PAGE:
So just like edge in Shadowrun has a use for player characters, it has a use for NPCs too. Because these mechanics are never really about PCs being favoured by the cosmos, but because their players don't want to loose them. This is different to bringing down the pain because it cannot fail! One of the problems with the "Are you sure?" method is that sometimes people will say yes, they will risk the character you thought they were totally stuck to and take out your apparently more beloved NPC. This is one of the many reasons I think Universalis is brilliant, because it tries to make explicit how invested people are in stuff, but the other opportunity to taking a wise gamble is not to gamble at all.

Also, putting story elements in front of a player is asking him to change at least one of them, so you are always risking something. One alternative to this is internalising a character's conflict, so they carry their antagonism around with them. I'm talking more heavily psychological systems here, so people can have issues, and be forced to deal with them and adapt by situations, perhaps even gaining new ones. This flips the problem, as the player is now having to accept the world encroaching on their pristine character concept. Another alternative, like the mechanically constructed safety zone above, is to have explicit moods for a scene, that people can shift by their actions, which provide the context for acceptable actions. This forces you to think about what situation elements would give the that mood sufficient force, and so design a situation that signals to the players what to expect.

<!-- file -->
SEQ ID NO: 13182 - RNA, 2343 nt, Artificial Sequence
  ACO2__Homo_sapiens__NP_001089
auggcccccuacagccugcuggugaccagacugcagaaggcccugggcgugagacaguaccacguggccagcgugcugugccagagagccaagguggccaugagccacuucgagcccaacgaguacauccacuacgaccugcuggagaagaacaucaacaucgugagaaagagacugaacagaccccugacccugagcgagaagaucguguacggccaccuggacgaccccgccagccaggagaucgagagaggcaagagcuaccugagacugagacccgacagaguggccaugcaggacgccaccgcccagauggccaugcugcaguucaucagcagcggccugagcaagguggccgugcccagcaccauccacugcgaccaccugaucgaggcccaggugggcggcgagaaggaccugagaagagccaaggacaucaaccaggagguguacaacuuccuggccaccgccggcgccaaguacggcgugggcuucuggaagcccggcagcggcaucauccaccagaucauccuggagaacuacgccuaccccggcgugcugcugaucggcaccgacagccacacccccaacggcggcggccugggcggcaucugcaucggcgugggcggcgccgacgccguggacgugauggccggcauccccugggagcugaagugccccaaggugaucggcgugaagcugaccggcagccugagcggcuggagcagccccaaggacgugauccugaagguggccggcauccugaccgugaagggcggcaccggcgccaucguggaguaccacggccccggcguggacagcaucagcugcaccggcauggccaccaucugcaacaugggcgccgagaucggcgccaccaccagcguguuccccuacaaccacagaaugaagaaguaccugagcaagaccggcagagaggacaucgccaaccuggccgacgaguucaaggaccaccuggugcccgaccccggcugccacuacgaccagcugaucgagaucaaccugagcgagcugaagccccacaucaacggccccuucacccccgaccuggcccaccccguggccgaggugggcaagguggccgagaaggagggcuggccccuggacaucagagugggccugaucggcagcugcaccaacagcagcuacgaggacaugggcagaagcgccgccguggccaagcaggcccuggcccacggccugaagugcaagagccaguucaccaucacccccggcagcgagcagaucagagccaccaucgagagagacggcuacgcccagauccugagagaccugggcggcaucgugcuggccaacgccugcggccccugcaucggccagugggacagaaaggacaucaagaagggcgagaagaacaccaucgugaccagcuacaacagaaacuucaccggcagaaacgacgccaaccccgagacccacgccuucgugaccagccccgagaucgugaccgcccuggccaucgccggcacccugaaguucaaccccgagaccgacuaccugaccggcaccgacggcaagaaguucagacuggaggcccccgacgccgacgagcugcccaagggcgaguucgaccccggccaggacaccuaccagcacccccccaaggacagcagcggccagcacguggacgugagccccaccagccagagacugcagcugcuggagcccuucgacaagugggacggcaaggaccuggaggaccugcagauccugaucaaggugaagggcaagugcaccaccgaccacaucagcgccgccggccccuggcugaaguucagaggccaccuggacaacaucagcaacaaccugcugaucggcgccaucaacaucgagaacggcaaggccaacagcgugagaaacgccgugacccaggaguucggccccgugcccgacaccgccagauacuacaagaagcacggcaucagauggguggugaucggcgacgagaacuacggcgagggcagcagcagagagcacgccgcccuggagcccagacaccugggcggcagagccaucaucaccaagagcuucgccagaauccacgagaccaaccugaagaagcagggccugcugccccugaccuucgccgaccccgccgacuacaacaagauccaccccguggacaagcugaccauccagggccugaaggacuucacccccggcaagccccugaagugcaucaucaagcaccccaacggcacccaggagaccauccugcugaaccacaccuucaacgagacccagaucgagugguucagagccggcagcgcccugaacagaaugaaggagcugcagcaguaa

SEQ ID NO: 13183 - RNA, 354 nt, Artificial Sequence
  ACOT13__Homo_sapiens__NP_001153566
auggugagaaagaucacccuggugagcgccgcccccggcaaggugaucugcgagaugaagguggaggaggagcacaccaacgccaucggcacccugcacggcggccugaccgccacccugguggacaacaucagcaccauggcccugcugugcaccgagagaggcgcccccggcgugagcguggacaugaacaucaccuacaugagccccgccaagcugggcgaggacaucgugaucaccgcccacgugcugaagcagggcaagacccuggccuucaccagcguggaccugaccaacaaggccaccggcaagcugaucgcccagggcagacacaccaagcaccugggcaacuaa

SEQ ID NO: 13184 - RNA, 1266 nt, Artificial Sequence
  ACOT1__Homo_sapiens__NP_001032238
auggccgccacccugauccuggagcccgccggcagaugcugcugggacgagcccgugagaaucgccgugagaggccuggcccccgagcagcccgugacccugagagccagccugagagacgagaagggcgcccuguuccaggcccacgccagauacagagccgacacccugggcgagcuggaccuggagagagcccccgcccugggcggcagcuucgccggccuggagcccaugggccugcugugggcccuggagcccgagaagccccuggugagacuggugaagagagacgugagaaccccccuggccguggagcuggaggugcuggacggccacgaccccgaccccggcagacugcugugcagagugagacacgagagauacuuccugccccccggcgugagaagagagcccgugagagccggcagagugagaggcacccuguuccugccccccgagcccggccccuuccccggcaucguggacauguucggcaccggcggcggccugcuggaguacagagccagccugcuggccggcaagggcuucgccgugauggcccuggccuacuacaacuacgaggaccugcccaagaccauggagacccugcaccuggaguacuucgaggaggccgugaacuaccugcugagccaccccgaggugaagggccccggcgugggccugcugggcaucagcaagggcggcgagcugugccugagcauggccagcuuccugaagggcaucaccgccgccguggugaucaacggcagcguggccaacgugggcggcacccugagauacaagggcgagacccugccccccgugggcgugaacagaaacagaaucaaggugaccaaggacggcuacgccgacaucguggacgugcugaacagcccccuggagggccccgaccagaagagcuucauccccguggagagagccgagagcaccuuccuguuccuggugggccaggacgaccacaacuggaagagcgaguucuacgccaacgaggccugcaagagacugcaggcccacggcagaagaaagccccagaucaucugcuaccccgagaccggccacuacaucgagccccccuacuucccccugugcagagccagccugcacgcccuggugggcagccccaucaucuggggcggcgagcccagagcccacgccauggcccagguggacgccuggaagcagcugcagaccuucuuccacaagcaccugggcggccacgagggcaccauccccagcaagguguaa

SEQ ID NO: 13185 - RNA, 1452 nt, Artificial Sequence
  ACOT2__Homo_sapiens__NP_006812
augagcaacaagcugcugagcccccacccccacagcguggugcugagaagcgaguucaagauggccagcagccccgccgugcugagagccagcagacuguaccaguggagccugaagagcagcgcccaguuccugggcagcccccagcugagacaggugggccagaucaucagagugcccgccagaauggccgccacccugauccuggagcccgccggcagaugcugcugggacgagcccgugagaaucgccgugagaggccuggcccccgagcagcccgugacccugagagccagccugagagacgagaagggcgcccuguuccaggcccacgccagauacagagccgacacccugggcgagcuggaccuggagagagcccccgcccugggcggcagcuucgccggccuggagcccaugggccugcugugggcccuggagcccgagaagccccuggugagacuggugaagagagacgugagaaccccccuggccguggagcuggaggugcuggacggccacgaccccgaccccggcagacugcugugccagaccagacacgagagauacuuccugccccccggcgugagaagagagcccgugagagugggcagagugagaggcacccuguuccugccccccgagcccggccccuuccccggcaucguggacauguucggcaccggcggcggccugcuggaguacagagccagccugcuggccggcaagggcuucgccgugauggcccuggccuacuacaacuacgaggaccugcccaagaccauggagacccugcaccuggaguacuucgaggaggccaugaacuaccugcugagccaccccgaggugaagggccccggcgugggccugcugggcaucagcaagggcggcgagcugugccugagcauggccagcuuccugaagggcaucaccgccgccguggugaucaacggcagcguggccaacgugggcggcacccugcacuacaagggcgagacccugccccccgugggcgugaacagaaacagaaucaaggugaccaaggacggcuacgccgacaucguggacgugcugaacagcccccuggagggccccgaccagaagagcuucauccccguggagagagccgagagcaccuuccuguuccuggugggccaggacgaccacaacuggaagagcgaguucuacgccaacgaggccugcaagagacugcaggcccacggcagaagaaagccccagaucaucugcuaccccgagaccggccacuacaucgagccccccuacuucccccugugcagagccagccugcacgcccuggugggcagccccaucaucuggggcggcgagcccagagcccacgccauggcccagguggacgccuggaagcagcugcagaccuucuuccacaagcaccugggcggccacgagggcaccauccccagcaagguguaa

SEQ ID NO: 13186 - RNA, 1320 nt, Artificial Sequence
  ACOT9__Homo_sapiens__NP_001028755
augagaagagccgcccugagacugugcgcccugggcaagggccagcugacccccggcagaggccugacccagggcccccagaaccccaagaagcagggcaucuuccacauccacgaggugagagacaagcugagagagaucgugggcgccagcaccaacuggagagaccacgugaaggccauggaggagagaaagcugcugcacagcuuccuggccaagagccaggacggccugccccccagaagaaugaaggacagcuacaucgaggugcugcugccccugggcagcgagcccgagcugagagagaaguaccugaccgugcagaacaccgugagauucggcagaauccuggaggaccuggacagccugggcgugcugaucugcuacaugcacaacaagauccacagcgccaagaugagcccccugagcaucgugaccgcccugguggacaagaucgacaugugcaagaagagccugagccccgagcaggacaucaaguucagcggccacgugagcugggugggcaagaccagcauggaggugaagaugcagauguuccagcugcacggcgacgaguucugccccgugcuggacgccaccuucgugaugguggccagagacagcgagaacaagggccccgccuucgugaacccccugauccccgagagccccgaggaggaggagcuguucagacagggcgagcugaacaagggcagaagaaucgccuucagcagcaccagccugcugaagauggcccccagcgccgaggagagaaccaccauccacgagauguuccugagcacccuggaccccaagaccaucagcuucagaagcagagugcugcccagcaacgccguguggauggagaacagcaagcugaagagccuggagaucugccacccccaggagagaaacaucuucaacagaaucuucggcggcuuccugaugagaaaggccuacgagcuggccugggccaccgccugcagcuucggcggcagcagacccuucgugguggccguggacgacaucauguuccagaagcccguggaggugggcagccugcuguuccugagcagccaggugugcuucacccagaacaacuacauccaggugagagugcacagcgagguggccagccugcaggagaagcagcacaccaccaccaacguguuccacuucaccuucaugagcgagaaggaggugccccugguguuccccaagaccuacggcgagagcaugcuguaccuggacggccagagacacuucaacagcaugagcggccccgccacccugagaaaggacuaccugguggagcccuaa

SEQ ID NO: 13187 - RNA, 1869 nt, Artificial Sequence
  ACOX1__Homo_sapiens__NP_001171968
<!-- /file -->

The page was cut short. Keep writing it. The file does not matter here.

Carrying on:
Another tack is that when people solve your originally immensely tricky scenario, resolve your antagonism in a non-sociopathic way, they may have actually taught you something for life! In other words, if your antagonism has been weakened by a flaw in your model in the world, does this apply to situations you have found insolvable? If not, and you can find a parallel, how about ramping it up by including those elements that make it harder for you. Now this hardly solves the emotional investment problem, but it could mean something pretty wonderful for the broader effect of your role-playing.

Another view that is rarely used in games is that sometimes finding the source of the problem is the problem itself. Working out what you are supposed to be opposing. Now this is what is often called a "soft system" problem, the semi-existential one about "What are we supposed to be doing here?". This is generally considered a fundimental deficiency of a role-playing method rather than an in game issue to fight, perhaps because people sometimes play games to escape from such unstructured problems, and dislike it as horrible blankness. That is I think why solving it during games design is a big thing, but that's not the only way to go.
It's essentially a constructive approach, encouraging players to build rather than defeat, with mismatches between built structure and the setting environment appearing every now and again, so that players cause their own conflict via over-corrections, or are simply satisfied with what they have created, and we move on! But I suppose this last form is a bit off topic.
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Paul T
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« Reply #25 on: November 01, 2008, 11:07:52 AM »